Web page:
Regardless, Frantz once again succeeded in creating a story that felt sensual and alive. As though I could reach out and touch it and be enveloped by the blooming apple trees and unforgiving frontier and war-torn lands. Frantz makes history an experience, not just a memory, in every book. She personifies the frontier and forgotten ages through her strong and relatable characters. She reminds us of the souls long since gone who were marked by wars and storms and loss and yet left their mark of love and hope on this grief-laden world.
Disclaimer: I received a complimentary review copy of this book from the publisher. All opinions expressed are my own.
~ the book ~
As 1754 is drawing to a close, tensions between the French and the British on Canada's Acadian shore are reaching a fever pitch. Seamstress Sylvie Galant and her family--French-speaking Acadians wishing to remain neutral--are caught in the middle, their land positioned between two forts flying rival flags. Amid preparations for the celebration of Noël, the talk is of unrest, coming war, and William Blackburn, the British Army Ranger raising havoc across North America's borderlands.
As summer takes hold in 1755 and British ships appear on the horizon, Sylvie encounters Blackburn, who warns her of the coming invasion. Rather than participate in the forced removal of the Acadians from their land, he resigns his commission. But that cannot save Sylvie or her kin. Relocated on a ramshackle ship to Virginia, Sylvie struggles to pick up the pieces of her life. When her path crosses once more with William's, they must work through the complex tangle of their shared, shattered past to navigate the present and forge an enduring future.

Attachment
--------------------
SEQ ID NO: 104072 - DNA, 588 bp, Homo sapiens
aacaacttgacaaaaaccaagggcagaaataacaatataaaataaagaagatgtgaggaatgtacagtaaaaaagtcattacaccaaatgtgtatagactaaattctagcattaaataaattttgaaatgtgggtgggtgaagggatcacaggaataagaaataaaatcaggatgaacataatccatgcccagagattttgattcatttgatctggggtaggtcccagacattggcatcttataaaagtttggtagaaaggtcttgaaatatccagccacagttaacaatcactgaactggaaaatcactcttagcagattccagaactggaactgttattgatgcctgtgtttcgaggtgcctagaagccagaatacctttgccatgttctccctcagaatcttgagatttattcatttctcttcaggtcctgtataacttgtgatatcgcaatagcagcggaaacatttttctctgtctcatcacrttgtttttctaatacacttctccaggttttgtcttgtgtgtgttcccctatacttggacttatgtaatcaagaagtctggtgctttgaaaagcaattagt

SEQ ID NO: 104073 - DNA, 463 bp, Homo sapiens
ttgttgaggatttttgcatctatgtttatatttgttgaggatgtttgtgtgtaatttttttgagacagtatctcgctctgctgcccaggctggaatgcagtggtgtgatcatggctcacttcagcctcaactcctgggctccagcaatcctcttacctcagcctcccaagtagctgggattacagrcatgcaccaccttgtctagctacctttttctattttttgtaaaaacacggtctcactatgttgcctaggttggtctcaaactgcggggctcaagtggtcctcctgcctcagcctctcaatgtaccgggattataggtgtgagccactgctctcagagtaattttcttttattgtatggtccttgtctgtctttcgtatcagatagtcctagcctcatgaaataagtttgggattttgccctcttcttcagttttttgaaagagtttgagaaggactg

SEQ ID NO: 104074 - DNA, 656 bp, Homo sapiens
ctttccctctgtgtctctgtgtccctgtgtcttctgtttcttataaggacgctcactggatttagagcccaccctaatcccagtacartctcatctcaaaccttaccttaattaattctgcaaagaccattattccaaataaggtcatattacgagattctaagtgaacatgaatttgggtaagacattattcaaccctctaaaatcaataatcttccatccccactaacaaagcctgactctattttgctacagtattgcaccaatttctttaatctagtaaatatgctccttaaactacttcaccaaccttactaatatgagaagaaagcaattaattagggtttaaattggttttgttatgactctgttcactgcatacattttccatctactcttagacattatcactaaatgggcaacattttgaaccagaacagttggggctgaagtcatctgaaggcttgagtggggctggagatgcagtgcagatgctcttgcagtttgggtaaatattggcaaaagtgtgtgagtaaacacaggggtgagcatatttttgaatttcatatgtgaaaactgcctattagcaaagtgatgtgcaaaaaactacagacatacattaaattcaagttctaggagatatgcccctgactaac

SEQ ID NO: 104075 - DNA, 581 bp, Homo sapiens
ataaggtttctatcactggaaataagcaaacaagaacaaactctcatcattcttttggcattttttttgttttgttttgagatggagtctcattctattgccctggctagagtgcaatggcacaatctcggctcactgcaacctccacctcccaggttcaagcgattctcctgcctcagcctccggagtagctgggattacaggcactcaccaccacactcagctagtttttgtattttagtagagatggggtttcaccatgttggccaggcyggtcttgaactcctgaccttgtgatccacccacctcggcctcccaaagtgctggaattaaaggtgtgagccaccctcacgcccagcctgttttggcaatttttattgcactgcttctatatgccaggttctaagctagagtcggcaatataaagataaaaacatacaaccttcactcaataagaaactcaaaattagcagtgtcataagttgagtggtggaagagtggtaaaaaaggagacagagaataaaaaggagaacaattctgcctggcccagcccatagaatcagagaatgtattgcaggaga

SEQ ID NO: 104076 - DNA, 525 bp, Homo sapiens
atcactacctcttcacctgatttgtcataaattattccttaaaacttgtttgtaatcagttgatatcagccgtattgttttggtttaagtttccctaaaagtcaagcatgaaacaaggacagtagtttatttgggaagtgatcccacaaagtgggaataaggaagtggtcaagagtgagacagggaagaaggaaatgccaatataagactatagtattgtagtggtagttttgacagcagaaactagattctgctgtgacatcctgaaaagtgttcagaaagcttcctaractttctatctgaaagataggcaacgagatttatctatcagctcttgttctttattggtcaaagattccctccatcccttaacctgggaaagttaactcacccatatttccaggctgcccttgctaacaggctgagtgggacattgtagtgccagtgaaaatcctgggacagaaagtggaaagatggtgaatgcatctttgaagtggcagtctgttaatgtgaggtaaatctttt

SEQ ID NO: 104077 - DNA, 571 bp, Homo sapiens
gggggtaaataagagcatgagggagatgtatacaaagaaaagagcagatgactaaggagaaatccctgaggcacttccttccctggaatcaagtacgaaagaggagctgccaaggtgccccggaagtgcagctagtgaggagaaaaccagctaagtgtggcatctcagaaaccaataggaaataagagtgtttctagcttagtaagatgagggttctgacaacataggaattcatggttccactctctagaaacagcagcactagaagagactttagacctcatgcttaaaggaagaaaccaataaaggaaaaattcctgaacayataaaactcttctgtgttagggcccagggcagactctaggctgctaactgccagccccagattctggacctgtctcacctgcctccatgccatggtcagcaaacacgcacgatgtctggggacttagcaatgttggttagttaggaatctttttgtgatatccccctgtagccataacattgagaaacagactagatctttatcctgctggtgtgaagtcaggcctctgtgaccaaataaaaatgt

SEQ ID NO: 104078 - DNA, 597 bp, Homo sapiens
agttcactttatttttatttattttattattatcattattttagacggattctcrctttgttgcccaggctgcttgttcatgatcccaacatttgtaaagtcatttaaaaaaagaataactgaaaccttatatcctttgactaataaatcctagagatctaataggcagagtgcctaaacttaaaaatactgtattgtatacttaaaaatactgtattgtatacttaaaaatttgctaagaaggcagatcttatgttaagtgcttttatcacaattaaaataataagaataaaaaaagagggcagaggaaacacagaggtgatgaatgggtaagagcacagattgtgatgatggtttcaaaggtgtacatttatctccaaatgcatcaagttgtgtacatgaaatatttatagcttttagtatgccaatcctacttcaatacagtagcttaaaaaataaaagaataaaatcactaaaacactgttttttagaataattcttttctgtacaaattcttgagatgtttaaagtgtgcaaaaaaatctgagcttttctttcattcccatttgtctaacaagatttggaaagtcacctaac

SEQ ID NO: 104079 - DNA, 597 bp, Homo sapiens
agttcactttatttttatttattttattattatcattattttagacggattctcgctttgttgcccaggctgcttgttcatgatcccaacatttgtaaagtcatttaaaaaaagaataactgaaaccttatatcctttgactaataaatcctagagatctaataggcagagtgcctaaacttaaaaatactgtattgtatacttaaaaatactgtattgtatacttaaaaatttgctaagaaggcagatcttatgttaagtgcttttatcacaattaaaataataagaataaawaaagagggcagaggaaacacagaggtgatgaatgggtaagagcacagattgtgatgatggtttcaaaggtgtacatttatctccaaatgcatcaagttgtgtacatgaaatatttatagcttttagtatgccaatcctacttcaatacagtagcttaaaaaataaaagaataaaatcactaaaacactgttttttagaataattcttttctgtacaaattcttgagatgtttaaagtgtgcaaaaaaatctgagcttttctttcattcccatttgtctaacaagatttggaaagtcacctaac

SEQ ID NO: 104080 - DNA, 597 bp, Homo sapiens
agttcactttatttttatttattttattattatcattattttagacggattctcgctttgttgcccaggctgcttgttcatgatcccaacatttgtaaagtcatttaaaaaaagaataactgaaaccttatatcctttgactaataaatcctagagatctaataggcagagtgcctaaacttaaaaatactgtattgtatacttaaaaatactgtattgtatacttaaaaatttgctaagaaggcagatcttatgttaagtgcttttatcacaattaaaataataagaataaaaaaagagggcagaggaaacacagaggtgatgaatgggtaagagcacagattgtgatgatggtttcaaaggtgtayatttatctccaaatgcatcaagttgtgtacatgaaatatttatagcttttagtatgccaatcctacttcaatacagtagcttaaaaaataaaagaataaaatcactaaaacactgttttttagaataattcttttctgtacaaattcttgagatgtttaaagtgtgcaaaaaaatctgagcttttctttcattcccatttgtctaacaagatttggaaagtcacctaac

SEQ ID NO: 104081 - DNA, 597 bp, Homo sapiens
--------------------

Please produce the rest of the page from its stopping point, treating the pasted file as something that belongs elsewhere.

~ the author ~
Laura Frantz is passionate about all things historical, particularly the 18th-century, and writes her manuscripts in longhand first. Her stories often incorporate Scottish themes that reflect her family heritage. She is a direct descendant of George Hume, Wedderburn Castle, Berwickshire, Scotland, who was exiled to the American colonies for his role in the Jacobite Rebellion of 1715, settled in Virginia, and is credited with teaching George Washington surveying in the years 1748-1750. Frantz lives and writes in a log cabin in the heart of Kentucky. According to Publishers Weekly, "Frantz has done her historical homework." With her signature attention to historical detail and emotional depth, she is represented by Janet Kobobel Grant, Literary Agent & Founder, Books & Such Literary Agency of Santa Rosa, California. Readers can find Laura Frantz at www.laurafrantz.net.
Have you ever learned the history of Acadie or read a book set there? What are some of your favorite atmospheric reads? Have you read a novel by Laura Frantz?